What the original series did have on its side were three key assets: the Amsterdam setting and location filming (hugely exotic back in those days before the advent of the ubiquitous city break); Barry Foster’s crisp and charismatic central performance as Commissaris Piet Van der Valk; and the iconic “Eye Level” theme tune that became a big chart hit for the Simon Park Orchestra on multiple occasions. The good news is that the new series returns to Amsterdam for the purposes of filming, and director Colin Teague makes the city look absolutely splendid including scenes filmed in the world-famous Rijksmuseum. Sadly Foster has passed away but I found Warren a perfectly fine replacement, bringing his own hard-to-like cynical edge to the character to maintain a reasonable amount of interest.
Unfortunately the “Eye Level” theme is almost entirely absent, although its echo can just about be heard as a light refrain under the main titles. It seems a weird decision to excise it; it’s like reviving Doctor Who without Ron Grainer’s music, or a James Bond film stripped of the instantly recognisable Berman/Barry 007 guitar riff. When American TV rebooted shows like Hawaii Five-O and Magnum PI, great care was taken in updating but fundamentally retaining their respective iconic theme music. However I think I can understand why the makers of the new Van der Valk change things here, at least to a degree: the “Eye Level” music is simply too distinctive and frankly rather dated, and was always anachronistically jaunty for the purposes of the show itself. Unfortunately the 2020 replacement music by Matthijs Kieboom is all low droning chords restlessly seeking but never stumbling across a memorable tune. Dull, boring, generic, unnecessary and entirely forgettable – the very same adjectives that could be used to describe most facets of the first episode of the new Van der Valk, which is solidly made but ultimately disappointing. Read the rest of this entry »
Contains some mild, general spoilers for the first season
In the run-up to Christmas, the BBC aired its prestige adaptation of HG Wells’ classic 1898 science fiction novel, The War of the Worlds. There had been high hopes for it as the first screen version of the story to be set in the source work’s time and English home counties location, but alas the production proved to be deeply flawed and failed in just about every respect, either in its efforts to be a faithful version of Wells’ book or as a bold new reimagining. It was, to put it simply, rather a mess.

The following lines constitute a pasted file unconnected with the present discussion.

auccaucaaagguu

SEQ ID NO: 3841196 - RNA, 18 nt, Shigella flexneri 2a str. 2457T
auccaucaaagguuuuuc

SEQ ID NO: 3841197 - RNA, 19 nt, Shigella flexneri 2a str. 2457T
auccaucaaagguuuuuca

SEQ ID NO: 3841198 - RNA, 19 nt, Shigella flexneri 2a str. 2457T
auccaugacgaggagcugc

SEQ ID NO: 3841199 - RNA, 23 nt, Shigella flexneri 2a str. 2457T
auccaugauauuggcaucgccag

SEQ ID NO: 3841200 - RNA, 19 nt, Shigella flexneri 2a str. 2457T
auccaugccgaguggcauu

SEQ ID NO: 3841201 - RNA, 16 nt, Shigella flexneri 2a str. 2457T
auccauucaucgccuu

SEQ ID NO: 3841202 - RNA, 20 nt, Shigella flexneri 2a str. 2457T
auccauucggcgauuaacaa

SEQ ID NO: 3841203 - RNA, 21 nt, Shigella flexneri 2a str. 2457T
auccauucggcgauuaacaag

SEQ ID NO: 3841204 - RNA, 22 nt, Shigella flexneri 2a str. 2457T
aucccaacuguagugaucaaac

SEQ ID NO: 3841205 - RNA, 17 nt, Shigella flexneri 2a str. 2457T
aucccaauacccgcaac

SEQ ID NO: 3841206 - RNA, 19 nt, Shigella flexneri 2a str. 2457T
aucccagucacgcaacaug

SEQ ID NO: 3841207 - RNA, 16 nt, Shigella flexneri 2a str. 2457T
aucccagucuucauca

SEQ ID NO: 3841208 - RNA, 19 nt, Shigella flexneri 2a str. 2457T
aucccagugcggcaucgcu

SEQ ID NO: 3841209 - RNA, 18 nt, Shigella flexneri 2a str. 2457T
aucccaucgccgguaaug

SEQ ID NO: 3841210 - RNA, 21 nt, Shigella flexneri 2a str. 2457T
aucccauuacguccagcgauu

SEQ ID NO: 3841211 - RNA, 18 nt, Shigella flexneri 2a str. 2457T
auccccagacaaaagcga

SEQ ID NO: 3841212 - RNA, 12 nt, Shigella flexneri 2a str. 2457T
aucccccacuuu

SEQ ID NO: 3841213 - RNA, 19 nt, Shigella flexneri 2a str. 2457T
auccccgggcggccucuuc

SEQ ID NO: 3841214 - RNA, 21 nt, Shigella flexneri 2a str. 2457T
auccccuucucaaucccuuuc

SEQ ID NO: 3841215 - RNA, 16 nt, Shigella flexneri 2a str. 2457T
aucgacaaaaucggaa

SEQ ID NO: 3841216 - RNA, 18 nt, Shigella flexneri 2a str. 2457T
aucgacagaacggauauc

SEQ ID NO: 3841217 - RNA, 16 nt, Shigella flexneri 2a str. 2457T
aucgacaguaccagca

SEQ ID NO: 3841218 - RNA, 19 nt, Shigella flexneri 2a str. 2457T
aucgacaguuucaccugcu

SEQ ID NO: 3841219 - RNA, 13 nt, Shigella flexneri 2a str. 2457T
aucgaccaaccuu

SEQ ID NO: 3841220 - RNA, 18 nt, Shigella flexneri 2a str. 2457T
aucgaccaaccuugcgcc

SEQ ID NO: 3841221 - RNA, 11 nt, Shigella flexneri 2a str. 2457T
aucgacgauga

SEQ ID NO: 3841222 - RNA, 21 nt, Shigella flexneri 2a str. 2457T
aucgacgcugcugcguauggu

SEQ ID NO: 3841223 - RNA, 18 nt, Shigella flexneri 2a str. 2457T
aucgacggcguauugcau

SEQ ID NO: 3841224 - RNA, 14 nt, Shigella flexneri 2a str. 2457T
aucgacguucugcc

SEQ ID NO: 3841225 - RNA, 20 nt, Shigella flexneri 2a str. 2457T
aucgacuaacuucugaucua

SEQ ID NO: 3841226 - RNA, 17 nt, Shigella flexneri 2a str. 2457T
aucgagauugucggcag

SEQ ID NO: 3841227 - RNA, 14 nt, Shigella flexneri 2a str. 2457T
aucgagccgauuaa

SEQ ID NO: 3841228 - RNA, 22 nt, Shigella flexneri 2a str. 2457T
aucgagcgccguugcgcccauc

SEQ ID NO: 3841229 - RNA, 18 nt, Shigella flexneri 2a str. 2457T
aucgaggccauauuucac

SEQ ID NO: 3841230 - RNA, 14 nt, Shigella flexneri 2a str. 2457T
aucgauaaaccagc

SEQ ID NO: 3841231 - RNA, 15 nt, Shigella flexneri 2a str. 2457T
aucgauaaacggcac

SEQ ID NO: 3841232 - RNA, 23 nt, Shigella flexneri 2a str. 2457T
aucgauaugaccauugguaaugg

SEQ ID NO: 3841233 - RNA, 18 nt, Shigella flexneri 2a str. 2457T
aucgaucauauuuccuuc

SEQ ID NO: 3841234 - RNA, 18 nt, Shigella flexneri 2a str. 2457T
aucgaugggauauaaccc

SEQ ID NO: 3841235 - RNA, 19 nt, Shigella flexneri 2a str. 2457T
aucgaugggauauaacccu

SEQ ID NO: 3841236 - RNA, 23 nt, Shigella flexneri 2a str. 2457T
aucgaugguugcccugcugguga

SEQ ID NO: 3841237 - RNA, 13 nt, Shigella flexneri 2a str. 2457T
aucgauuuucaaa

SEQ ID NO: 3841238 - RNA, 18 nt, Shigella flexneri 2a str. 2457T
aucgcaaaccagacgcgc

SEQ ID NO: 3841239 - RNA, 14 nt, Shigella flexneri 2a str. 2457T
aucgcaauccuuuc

As it turns out, we didn’t have to wait for long for another War of the Worlds (note the removal of the definitive article this time around) to come along and sluice the bitter taste of the BBC adaptation’s failure from our mouths, with French production company Studio Canal in association with Fox Networks Group providing a brand new eight-part vision of the venerable tale. I’ll say upfront that Misfits writer Howard Overman’s show is a much stronger dramatic presentation than last year’s dead on arrival effort from the BBC, with some interesting and distinctive elements. However, it has to be said the trade-off for this medium level of success is that any resemblance to the contents of HG Wells’ novel is entirely coincidental.
For one thing, there’s a distinct lack of ‘war’ involved. The first episode depicts the arrival of the aliens in much the same way as Independence Day (with certain similarities to Contact) as the attack is heralded by a mysterious throbbing signal, followed soon after by fireballs falling from the skies which wipe out most of humanity on the spot in something resembling a deadly EMP blast, leaving just a few lucky survivors who happened to have taken sufficient cover in advance. Read the rest of this entry »
It’s not been all that long since the end of series 12 of Doctor Who and our last update here on Taking The Short View, yet in that short time it seems like the world has been turned upside down in every conceivable way.
Cinemas were among the first business to have to shut down because of the spread of the coronavirus pandemic, followed soon after by ‘non-essential’ retailers including shops selling both new and used books, CDs and DVDs/Blu-rays. Even television has been hit, with long-running dramas having to shut down production for the duration. Streaming and download services have picked up some of the slack of course, while those of us of a more old-fashioned disposition have rediscovered the value of having extensive home media archives crammed onto groaning shelves around the house.
One new release that did just squeeze under the wire before the general shutdown was the latest addition to the BBC’s Doctor Who home media range, “The Faceless Ones. I’d pre-ordered it weeks before the release date, when coronavirus was completely unknown, and was pleasantly surprised when it turned up on my doorstep just when everything was going to hell in the proverbial handbasket. It’s been a welcome distraction, and the viewing of the episodes strictly rationed to eke out the pleasure of watching a ‘new’ Doctor Who tale for the very first time. Read the rest of this entry »
Contains major spoilers and scattershot speculation
So, that happened. Now the only questions that remain are exactly what did happen, where did it all came from, and what it means for the future. And does the final outcome live up to the pre-broadcast hype that ‘everything changes’?